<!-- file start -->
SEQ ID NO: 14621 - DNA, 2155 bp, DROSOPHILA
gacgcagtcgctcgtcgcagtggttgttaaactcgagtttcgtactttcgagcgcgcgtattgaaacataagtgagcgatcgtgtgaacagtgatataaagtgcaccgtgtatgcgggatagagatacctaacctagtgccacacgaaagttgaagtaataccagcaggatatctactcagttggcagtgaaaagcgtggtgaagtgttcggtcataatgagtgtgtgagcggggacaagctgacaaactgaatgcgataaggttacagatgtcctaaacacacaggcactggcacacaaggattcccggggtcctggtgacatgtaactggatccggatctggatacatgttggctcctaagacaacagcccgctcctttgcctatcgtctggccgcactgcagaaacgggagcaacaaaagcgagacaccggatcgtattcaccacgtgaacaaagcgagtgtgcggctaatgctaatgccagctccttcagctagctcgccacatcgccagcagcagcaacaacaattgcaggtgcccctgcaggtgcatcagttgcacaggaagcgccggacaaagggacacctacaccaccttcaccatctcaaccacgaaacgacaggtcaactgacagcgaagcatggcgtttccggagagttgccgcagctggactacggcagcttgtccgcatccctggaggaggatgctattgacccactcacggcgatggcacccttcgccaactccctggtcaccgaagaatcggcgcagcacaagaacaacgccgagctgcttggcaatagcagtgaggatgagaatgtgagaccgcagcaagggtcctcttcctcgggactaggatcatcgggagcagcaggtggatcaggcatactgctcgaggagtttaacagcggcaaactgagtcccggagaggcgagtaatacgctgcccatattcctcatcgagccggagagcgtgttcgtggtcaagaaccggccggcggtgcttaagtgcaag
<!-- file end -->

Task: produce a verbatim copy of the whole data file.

SEQ ID NO: 14621 - DNA, 2155 bp, DROSOPHILA
gacgcagtcgctcgtcgcagtggttgttaaactcgagtttcgtactttcgagcgcgcgtattgaaacataagtgagcgatcgtgtgaacagtgatataaagtgcaccgtgtatgcgggatagagatacctaacctagtgccacacgaaagttgaagtaataccagcaggatatctactcagttggcagtgaaaagcgtggtgaagtgttcggtcataatgagtgtgtgagcggggacaagctgacaaactgaatgcgataaggttacagatgtcctaaacacacaggcactggcacacaaggattcccggggtcctggtgacatgtaactggatccggatctggatacatgttggctcctaagacaacagcccgctcctttgcctatcgtctggccgcactgcagaaacgggagcaacaaaagcgagacaccggatcgtattcaccacgtgaacaaagcgagtgtgcggctaatgctaatgccagctccttcagctagctcgccacatcgccagcagcagcaacaacaattgcaggtgcccctgcaggtgcatcagttgcacaggaagcgccggacaaagggacacctacaccaccttcaccatctcaaccacgaaacgacaggtcaactgacagcgaagcatggcgtttccggagagttgccgcagctggactacggcagcttgtccgcatccctggaggaggatgctattgacccactcacggcgatggcacccttcgccaactccctggtcaccgaagaatcggcgcagcacaagaacaacgccgagctgcttggcaatagcagtgaggatgagaatgtgagaccgcagcaagggtcctcttcctcgggactaggatcatcgggagcagcaggtggatcaggcatactgctcgaggagtttaacagcggcaaactgagtcccggagaggcgagtaatacgctgcccatattcctcatcgagccggagagcgtgttcgtggtcaagaaccggccggcggtgcttaagtgcaag